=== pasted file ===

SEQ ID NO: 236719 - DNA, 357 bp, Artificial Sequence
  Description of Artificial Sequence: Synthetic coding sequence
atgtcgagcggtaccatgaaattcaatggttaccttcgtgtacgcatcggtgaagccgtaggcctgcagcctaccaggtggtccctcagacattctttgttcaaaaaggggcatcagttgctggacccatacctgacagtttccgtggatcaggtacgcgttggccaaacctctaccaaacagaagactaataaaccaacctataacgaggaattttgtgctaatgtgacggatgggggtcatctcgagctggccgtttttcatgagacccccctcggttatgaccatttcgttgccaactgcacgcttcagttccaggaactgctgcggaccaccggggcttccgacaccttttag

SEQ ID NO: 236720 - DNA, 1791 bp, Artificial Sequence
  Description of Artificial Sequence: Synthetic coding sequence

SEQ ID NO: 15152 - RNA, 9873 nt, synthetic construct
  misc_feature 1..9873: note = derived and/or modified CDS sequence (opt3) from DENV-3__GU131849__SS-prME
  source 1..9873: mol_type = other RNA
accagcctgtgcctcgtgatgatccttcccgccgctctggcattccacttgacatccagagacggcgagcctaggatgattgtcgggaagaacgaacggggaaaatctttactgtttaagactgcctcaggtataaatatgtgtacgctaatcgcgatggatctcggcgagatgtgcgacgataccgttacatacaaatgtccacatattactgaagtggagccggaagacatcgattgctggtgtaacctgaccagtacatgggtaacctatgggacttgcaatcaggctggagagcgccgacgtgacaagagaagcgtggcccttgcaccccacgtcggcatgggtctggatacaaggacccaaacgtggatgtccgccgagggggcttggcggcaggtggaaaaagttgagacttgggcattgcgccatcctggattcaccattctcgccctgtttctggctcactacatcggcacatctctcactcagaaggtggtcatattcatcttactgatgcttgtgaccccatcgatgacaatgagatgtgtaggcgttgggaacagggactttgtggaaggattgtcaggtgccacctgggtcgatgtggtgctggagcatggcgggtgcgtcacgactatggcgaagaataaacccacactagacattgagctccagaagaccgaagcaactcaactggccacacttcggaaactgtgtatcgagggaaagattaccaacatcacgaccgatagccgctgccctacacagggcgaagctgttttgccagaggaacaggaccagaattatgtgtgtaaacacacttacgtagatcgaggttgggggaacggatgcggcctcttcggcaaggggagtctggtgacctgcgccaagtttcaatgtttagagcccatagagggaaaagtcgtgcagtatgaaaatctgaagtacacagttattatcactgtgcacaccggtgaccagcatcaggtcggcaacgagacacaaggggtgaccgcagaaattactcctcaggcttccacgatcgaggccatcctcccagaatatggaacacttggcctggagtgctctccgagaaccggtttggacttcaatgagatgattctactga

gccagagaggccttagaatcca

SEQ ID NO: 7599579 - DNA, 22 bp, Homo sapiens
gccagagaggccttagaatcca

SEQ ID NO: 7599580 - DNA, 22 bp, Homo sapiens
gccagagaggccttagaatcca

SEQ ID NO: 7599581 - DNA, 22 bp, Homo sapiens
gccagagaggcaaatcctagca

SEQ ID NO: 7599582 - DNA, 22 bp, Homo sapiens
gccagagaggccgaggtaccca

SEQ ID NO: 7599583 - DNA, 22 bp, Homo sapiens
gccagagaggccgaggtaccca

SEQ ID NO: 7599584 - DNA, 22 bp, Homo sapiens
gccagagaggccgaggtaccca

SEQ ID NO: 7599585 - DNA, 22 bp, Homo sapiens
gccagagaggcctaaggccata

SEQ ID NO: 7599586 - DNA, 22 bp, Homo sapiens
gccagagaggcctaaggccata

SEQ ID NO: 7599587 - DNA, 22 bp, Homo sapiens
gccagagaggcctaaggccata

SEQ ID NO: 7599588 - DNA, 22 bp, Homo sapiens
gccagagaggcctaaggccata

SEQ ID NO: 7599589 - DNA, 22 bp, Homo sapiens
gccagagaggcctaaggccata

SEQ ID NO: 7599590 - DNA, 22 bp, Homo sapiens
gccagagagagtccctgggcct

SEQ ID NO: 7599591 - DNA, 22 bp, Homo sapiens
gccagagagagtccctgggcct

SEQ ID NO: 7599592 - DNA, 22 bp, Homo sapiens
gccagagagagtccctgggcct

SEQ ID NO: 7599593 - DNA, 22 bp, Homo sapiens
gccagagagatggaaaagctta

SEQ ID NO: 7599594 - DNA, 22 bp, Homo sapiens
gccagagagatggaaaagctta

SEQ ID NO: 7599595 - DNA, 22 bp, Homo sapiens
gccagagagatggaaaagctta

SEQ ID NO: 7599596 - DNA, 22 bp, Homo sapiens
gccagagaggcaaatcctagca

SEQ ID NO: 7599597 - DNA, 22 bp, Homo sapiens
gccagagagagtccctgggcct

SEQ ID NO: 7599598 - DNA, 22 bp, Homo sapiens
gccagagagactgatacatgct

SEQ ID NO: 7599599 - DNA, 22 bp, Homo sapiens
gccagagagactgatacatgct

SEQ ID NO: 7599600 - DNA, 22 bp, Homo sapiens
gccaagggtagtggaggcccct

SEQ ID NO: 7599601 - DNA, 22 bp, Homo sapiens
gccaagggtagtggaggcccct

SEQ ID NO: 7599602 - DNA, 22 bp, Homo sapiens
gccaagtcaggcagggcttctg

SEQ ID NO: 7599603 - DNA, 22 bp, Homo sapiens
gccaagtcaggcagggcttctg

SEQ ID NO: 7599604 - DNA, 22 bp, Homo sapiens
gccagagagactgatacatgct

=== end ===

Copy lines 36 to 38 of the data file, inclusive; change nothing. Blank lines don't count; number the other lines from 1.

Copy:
gccagagagagtccctgggcct

SEQ ID NO: 7599592 - DNA, 22 bp, Homo sapiens
gccagagagagtccctgggcct